Since July 2021, when the Manhattan District Attorney’s Office hit it with a number of criminal charges—including conspiracy and multiple counts of tax fraud and falsifying records—the Trump Organization has insisted that it is a totally innocent victim of a political witch hunt. The problem with that claim? Its longtime CFO, who was charged alongside the company, admitted to committing all those felonies, pleaded guilty this August, and is now about to detail them all to a jury, in testimony that is likely to majorly implicate Donald Trump’s family business.
On Monday, prosecutors with the Manhattan District Attorney’s Office said in their opening statement that Allen Weisselberg would deliver an insider’s account of how the company allegedly spent 15 years engaging in a massive fraud scheme that boosted executive pay while allowing the company to avoid paying taxes. “This case is about greed and cheating, cheating on taxes,” attorney Susan Hoffinger told the jury. “The scheme was conducted, directed, and authorized at the highest level of the accounting department.” Weisselberg’s testimony, she added, “will give you the inside story of how he conducted this tax scheme.” In August, Weisselberg pleaded guilty to all 15 counts he was indicted on the year prior, agreeing to testify at the Trump Organization’s criminal trial. As The New York Times noted at the time, prosecutors have “essentially accused him of conspiring with the Trump Organization,” and his testimony will “undercut any effort by the company’s lawyers to contend that no crime was committed.”
While Weisselberg could, in theory, try to lie about the scheme in an effort to remain loyal to Trump, such a choice could result in his going to prison for up to 15 years. If he tells the truth—that he, as CFO of the company, engaged in a scheme to compensate himself and other executives with off-the-books perks for which taxes were not paid, and that he personally dodged taxes on $1.76 million of income over the last 15 years—he’s expected to be given a five-month prison sentence, in addition to his having to pay financial penalties. Among the perks Weisselberg received as part of the decade-and-a-half-long scam were an Upper West Side apartment, leased Mercedes-Benzes, and private school tuition for his grandchildren. When the indictment against him and the Trump Organization was unsealed last year, it suggested the company was dumb enough to keep actual spreadsheets of its alleged crimes. Responding to the news at the time, Donald Trump Jr. and Eric Trump insisted that people dodge taxes all the time and that this whole thing was much ado about nothing. In fact, they posited that the $1.76 million on which Weisselberg failed to pay taxes was chump change.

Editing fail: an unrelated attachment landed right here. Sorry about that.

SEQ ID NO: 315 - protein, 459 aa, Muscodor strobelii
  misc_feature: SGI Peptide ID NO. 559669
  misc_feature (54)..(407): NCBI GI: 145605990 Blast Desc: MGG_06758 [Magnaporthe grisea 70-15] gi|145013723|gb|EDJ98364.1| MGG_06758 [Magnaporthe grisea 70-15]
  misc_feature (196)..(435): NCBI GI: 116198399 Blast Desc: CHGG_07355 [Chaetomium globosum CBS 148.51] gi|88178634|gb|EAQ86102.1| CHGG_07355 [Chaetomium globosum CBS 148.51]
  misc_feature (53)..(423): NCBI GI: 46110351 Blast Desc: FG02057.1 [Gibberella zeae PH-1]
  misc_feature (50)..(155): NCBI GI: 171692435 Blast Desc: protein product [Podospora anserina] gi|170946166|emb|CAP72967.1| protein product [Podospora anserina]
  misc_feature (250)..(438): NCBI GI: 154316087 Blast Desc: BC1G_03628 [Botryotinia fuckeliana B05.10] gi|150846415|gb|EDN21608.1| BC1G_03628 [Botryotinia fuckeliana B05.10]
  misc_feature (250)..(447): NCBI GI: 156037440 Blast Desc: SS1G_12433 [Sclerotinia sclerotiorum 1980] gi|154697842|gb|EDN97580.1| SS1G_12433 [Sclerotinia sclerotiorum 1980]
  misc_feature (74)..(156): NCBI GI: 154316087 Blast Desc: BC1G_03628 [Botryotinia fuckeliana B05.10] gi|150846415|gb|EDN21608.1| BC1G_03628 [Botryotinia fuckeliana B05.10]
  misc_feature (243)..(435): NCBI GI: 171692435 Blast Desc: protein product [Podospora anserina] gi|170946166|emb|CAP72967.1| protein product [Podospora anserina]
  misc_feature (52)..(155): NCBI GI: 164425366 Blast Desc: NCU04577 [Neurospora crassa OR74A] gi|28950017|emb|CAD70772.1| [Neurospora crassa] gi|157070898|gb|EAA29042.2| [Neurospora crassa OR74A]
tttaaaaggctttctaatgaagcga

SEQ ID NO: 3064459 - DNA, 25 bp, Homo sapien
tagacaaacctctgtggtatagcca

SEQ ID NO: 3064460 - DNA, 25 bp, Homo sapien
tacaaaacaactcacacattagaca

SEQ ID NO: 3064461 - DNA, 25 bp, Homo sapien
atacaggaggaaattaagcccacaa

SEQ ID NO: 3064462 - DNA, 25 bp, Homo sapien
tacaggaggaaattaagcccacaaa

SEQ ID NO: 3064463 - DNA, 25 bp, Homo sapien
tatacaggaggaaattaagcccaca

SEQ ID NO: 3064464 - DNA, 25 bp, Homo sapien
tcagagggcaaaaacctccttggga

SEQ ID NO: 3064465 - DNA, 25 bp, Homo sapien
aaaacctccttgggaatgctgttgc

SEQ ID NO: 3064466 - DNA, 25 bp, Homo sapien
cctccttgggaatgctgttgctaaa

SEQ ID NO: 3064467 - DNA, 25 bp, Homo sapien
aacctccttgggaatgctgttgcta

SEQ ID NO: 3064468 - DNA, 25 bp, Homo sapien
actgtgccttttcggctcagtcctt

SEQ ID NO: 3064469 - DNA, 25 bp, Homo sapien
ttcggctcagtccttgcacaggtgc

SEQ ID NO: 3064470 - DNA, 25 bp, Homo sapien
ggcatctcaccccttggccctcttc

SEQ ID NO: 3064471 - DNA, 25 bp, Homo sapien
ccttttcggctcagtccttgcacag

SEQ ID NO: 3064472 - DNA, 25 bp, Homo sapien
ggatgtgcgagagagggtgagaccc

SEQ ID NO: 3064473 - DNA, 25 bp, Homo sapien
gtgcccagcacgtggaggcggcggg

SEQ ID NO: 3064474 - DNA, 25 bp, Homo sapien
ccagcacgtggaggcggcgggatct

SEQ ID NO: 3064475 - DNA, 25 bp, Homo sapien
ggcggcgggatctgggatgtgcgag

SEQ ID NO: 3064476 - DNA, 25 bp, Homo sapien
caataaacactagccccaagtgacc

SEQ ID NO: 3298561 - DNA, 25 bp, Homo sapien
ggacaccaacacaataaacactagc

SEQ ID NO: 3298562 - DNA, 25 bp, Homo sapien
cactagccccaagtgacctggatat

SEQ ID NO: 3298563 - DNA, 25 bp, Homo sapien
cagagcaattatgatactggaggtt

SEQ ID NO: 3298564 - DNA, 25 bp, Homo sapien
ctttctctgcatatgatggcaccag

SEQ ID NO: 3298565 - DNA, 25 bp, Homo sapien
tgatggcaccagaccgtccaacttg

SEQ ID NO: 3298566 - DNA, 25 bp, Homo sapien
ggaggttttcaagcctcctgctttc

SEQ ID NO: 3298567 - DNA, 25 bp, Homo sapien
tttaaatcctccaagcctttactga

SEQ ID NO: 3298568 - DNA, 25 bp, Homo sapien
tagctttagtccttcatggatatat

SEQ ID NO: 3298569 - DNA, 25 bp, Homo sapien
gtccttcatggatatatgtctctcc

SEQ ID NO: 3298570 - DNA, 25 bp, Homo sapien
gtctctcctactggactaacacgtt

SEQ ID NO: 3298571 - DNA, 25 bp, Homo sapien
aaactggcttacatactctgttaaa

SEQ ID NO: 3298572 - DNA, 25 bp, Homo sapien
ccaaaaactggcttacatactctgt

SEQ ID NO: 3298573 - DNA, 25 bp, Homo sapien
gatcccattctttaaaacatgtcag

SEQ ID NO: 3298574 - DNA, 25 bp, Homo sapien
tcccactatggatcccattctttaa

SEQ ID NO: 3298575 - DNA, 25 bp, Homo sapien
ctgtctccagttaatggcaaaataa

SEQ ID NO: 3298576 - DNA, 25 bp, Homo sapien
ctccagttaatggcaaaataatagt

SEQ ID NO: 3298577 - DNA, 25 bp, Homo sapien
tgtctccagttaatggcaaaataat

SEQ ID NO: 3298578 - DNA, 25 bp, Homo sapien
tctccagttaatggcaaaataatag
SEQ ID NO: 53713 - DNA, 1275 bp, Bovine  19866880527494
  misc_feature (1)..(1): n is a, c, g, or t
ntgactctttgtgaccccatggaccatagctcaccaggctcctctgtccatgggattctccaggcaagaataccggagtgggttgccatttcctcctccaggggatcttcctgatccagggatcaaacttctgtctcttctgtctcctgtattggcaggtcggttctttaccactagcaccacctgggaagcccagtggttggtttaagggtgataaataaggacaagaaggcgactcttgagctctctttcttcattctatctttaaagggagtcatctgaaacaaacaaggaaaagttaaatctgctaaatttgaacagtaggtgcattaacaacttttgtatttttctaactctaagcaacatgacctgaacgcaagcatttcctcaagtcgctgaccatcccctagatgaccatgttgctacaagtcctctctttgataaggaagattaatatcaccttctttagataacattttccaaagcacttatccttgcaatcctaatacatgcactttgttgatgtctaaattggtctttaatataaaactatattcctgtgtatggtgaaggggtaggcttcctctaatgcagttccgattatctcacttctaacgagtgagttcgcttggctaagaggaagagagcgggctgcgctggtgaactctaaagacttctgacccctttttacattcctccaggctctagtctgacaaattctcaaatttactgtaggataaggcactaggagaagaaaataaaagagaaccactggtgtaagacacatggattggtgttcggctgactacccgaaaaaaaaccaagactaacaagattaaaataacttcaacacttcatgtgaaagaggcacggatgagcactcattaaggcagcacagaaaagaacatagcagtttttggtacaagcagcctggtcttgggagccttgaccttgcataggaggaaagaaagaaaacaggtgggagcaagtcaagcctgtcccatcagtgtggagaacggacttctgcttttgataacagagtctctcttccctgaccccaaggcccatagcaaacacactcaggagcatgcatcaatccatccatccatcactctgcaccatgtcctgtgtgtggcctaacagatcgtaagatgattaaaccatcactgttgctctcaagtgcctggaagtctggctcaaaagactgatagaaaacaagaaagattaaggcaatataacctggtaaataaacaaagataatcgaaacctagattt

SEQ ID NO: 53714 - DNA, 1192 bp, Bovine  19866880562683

As Hoffinger noted on Monday, Weisselberg directly reported to Trump for 35 years, and the Queens-born real estate developer trusted Weisselberg so much he made him a trustee of the business when he became president. It was also Weisselberg who reportedly arranged for the Trump Organization to pay Michael Cohen $35,000 a month, which served as a means of reimbursement for the $130,000 Cohen paid Stormy Daniels to keep her quiet about the alleged affair she’d had with Trump, which the former president denies to this day.
On Monday, lawyers for the Trump Organization tried to argue that the company and Donald Trump were totally in the dark about what Weisselberg was up to. “You were all here during jury selection and heard the DA repeatedly argue that Donald Trump was involved in or even knew what Allen Weisselberg was doing,” defense attorney Michael van der Veen said. “You will learn that Mr. Weisselberg hid what he was doing from the company and from the owners of the companies.”